What To Expect- Testing for an Adult

What will the testing be like?

If you are completing neuropsychological testing or psychological/cognitive testing, you will come in for a one to three hour appointment. If you are doing academic testing, speech and language testing or occupational therapy testing as well, you will have several appointment days. Your consultation clinician and our office staff will explain your appointment schedule in detail. 

On the day of testing, you will work with a clinician on a variety of tasks that are designed to measure different cognitive abilities. You will be asked to work on paper-and-pencil measures and do tasks that are similar to games or puzzles.  Some tasks are on an iPad. Some of the tasks are simple, and some are complex. There is no “passing” or “failing.” You will also talk with the psychologist and fill out forms to help the clinician better understand your experiences. 

 

What should I bring?

You will likely have at least one break during testing. Feel free to bring a drink and a snack. If you are on medication, please alert your consultation clinician during your consultation, or contact our front desk, and you will be provided guidance around what medications you should take. Always take any medication that is related to physical health (e.g., blood pressure medication).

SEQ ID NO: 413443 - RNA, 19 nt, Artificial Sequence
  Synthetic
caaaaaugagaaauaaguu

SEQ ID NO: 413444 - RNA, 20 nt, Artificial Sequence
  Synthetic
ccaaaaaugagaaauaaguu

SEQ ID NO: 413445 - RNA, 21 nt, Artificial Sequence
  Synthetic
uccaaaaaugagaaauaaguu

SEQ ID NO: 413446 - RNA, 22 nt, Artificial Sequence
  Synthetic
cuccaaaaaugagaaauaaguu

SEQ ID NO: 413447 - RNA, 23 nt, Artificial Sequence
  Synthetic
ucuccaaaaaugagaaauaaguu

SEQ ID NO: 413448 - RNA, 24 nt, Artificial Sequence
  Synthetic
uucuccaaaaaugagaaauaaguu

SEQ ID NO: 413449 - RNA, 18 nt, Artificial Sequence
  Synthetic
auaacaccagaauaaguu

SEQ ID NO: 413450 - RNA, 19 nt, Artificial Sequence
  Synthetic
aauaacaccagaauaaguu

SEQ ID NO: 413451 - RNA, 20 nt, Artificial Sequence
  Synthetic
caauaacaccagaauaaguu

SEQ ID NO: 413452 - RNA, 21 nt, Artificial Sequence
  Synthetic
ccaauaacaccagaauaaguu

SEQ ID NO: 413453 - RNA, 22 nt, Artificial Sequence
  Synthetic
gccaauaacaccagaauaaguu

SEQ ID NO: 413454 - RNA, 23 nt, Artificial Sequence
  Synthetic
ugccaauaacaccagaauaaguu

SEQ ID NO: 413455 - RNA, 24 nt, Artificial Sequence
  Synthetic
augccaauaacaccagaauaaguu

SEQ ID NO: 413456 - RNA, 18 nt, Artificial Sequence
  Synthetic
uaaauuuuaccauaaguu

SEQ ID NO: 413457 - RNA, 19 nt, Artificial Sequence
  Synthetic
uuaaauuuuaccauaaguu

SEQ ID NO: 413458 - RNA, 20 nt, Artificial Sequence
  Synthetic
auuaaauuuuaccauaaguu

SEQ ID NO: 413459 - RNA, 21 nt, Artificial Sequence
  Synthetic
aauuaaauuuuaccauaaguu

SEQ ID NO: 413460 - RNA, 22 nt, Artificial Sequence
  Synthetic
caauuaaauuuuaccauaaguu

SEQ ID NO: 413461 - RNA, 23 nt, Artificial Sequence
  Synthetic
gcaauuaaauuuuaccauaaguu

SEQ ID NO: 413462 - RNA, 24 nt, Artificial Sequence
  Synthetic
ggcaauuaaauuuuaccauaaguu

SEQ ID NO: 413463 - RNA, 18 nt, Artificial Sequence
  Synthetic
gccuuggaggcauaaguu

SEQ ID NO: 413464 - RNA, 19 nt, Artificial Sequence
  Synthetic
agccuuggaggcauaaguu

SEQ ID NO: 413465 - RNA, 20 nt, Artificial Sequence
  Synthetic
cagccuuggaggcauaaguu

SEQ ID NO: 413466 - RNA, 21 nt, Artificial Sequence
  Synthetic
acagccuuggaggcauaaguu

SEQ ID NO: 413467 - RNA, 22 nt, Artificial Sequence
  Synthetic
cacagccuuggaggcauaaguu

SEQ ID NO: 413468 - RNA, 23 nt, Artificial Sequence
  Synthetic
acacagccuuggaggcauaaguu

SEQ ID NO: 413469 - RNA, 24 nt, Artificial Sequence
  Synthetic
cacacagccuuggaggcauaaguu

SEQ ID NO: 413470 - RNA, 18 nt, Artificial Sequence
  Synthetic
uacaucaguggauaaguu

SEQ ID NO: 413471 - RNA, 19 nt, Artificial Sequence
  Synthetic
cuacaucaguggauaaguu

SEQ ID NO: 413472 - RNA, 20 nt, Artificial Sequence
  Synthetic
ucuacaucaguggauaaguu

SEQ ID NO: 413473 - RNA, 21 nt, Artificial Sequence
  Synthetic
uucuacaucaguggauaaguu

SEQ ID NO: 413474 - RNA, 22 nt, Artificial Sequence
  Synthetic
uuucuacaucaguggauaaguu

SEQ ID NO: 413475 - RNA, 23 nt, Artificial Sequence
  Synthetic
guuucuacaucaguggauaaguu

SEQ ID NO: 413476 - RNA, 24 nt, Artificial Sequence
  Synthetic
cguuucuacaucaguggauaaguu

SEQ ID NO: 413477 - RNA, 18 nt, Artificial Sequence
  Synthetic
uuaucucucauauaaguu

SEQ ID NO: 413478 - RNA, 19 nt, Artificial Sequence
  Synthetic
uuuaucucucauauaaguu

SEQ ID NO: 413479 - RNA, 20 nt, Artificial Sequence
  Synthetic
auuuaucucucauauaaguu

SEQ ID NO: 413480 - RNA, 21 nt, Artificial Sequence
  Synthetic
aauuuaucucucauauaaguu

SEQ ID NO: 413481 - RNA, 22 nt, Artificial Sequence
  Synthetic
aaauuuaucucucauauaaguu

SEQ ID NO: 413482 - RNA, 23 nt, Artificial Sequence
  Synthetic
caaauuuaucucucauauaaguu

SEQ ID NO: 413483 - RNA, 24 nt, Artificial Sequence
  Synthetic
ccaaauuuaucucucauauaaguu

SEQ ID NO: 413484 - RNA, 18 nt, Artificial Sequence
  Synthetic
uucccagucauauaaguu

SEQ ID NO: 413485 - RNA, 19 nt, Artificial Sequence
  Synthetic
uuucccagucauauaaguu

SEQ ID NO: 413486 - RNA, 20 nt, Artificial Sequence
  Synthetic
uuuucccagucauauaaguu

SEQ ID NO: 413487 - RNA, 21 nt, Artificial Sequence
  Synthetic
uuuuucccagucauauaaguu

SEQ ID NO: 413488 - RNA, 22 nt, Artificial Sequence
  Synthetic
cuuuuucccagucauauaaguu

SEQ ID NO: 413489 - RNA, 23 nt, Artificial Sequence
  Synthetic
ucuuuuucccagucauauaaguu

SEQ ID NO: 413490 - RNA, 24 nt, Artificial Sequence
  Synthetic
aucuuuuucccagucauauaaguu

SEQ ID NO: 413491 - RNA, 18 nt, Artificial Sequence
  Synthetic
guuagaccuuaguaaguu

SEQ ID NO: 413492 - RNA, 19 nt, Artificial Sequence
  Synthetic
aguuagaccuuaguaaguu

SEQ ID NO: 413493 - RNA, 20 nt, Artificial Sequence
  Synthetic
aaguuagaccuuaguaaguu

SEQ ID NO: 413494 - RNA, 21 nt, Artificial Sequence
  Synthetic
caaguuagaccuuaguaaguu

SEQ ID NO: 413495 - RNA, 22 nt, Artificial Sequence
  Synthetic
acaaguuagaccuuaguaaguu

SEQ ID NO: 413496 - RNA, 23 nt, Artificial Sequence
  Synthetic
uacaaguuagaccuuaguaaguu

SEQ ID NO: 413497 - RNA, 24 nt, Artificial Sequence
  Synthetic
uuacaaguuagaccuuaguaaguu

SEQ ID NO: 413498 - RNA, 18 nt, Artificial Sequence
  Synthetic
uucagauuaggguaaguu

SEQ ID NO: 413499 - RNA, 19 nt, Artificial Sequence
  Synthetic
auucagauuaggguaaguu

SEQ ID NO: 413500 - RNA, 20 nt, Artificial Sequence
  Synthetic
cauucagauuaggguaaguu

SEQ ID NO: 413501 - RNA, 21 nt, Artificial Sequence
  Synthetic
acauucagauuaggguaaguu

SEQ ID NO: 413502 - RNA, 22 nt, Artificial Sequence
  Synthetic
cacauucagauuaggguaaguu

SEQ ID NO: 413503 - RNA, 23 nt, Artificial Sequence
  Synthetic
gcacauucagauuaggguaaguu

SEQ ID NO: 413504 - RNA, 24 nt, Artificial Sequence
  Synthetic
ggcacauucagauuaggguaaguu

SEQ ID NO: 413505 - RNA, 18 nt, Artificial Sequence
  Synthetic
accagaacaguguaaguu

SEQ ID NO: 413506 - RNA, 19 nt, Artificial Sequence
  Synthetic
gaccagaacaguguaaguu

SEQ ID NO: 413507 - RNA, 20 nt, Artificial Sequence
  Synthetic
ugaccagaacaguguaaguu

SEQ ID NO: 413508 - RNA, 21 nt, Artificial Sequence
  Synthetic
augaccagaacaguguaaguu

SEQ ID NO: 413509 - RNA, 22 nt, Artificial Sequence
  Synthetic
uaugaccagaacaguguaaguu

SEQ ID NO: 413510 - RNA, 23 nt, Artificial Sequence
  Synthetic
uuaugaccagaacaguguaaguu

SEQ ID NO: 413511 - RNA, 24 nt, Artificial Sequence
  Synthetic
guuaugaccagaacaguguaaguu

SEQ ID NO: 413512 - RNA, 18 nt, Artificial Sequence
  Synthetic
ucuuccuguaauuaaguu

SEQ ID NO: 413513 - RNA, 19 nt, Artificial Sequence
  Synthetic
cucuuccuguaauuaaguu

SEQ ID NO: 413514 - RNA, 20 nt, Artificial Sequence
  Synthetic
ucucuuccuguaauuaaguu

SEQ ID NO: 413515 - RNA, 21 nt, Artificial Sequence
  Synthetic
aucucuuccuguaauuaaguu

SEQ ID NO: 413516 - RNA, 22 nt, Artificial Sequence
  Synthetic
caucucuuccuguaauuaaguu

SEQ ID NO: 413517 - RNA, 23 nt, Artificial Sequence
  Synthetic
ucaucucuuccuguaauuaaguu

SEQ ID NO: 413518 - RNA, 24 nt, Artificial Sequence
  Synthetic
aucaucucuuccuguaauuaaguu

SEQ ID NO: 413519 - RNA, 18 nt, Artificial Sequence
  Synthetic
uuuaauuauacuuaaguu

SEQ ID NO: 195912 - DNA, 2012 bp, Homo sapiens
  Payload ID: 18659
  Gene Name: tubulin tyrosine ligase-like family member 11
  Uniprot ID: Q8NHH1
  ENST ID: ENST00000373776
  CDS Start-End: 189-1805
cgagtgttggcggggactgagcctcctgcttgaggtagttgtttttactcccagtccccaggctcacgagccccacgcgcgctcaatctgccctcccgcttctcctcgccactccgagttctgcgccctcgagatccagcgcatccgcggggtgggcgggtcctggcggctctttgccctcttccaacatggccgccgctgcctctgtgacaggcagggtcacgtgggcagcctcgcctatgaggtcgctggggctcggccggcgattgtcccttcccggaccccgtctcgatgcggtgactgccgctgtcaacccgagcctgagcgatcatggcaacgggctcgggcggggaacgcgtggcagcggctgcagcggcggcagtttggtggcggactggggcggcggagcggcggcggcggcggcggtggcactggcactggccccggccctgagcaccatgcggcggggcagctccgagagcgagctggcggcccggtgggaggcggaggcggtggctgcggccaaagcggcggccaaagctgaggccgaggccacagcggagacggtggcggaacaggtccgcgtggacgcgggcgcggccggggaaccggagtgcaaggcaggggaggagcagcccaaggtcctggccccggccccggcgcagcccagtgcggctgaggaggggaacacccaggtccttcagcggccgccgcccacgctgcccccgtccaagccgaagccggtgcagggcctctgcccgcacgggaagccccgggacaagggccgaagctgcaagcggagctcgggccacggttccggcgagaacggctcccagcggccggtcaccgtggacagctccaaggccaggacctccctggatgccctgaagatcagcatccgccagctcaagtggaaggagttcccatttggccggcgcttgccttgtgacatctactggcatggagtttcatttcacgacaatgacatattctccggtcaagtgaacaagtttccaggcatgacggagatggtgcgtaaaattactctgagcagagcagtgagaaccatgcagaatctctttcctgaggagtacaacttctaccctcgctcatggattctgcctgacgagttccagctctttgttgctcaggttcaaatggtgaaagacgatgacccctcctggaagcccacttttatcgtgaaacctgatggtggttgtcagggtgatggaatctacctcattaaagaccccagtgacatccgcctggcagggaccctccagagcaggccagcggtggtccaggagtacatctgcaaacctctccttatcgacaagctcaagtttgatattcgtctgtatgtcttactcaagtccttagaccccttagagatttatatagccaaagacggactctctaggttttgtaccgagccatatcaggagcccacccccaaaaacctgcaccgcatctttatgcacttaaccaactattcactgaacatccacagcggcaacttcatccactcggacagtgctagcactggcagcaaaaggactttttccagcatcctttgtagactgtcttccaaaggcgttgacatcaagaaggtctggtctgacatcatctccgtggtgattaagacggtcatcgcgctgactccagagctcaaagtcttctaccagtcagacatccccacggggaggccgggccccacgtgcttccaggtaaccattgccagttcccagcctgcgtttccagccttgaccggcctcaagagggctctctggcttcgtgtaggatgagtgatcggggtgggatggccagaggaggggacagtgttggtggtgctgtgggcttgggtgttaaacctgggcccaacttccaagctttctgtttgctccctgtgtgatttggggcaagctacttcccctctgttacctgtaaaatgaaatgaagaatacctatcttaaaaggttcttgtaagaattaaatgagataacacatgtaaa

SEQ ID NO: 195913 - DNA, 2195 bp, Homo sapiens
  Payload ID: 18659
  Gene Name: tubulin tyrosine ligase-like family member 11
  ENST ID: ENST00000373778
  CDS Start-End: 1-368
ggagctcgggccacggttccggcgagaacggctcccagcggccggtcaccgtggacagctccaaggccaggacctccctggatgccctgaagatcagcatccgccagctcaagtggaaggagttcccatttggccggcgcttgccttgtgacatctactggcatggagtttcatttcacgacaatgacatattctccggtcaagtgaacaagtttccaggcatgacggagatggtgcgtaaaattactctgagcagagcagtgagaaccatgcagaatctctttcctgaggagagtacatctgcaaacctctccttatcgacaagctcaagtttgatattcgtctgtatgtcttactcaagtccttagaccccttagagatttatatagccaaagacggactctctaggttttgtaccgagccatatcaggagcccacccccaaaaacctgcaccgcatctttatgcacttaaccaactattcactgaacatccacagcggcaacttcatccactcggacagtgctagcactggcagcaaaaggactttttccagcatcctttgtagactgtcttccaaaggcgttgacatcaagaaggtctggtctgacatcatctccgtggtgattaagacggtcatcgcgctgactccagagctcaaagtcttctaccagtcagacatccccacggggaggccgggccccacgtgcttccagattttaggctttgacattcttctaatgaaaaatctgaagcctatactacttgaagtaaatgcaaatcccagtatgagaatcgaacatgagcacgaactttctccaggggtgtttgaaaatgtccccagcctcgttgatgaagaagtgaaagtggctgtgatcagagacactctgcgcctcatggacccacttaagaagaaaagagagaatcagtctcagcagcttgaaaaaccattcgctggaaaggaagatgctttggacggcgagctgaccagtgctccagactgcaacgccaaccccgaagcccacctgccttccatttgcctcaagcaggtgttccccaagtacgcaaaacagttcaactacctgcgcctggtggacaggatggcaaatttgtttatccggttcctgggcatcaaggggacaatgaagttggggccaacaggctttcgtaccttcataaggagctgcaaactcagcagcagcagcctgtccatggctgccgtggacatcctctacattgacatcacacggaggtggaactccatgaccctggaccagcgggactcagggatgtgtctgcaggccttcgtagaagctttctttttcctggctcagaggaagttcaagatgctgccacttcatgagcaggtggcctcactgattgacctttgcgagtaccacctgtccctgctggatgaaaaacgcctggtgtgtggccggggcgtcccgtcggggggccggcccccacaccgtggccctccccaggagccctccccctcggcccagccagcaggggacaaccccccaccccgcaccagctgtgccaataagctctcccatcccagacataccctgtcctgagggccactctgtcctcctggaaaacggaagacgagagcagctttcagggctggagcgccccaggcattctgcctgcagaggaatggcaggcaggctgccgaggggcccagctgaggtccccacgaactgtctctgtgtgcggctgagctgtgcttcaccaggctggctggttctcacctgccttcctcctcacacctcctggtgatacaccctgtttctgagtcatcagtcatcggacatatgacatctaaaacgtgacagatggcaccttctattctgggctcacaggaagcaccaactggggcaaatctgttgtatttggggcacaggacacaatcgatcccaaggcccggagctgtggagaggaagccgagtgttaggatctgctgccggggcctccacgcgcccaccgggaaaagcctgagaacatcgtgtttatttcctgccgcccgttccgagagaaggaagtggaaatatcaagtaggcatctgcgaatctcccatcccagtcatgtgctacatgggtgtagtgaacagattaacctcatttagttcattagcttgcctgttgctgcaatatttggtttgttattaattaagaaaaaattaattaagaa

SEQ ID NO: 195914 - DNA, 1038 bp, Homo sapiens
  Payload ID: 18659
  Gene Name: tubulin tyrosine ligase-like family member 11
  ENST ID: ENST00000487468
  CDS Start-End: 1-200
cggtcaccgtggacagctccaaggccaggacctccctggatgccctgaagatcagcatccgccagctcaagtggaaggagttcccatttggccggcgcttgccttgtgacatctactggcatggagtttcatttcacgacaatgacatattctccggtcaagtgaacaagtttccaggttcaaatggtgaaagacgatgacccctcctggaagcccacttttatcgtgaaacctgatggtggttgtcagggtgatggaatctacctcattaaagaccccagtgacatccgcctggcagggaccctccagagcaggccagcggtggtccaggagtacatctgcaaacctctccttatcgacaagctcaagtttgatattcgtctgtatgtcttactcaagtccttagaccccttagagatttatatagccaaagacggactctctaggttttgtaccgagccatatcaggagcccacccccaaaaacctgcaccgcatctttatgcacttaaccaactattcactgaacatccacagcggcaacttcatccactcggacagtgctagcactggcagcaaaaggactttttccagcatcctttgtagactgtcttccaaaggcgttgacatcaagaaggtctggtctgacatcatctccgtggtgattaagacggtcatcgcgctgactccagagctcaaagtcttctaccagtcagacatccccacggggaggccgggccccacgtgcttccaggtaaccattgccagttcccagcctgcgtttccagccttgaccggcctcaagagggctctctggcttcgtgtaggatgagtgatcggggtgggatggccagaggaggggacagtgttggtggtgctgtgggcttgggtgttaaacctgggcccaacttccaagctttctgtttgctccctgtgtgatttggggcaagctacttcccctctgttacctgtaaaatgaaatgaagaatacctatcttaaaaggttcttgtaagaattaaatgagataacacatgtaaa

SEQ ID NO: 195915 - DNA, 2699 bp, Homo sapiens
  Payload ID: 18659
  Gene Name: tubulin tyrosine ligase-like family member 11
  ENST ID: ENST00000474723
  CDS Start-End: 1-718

How long will testing visits last?

Testing can take anywhere from one to four hours, with three hours being the typical length of each testing session. Some of your testing might be completed outside of the time in our office (e.g., completing questionnaires).

 

What else does testing involve?

We may ask you to provide names and contact information for your therapist(s), psychiatrist, other providers, and friends and/or relatives who know you best. Receiving a range of observational information from people who know you best is an important and necessary part of the assessment. Without this data, an evaluation is limited and considered incomplete. 

 

What information is considered in the results of testing?

The clinician assigned to your child will take into account (1) background information including a review of any previous testing, (2) collateral information obtained from interviews with pertinent people (e.g., involved professionals, school staff, caretakers, etc.), (3) the quantitative results of the testing, (4) clinical observations during the testing, and (5) rating forms completed by parents/caregivers and teachers.

 

Who sees the results of the testing?

Testing results are reviewed with you and others that they may invite to the summary meeting. The testing report is released directly to you. Results are not sent elsewhere. Rather, you are encouraged to share the final report with your doctor, school/ university, and other involved professionals. There is a summary meeting approximately 2-3 weeks after the last date of testing. A written report is shared with you approximately 4-6 weeks after the summary meeting.

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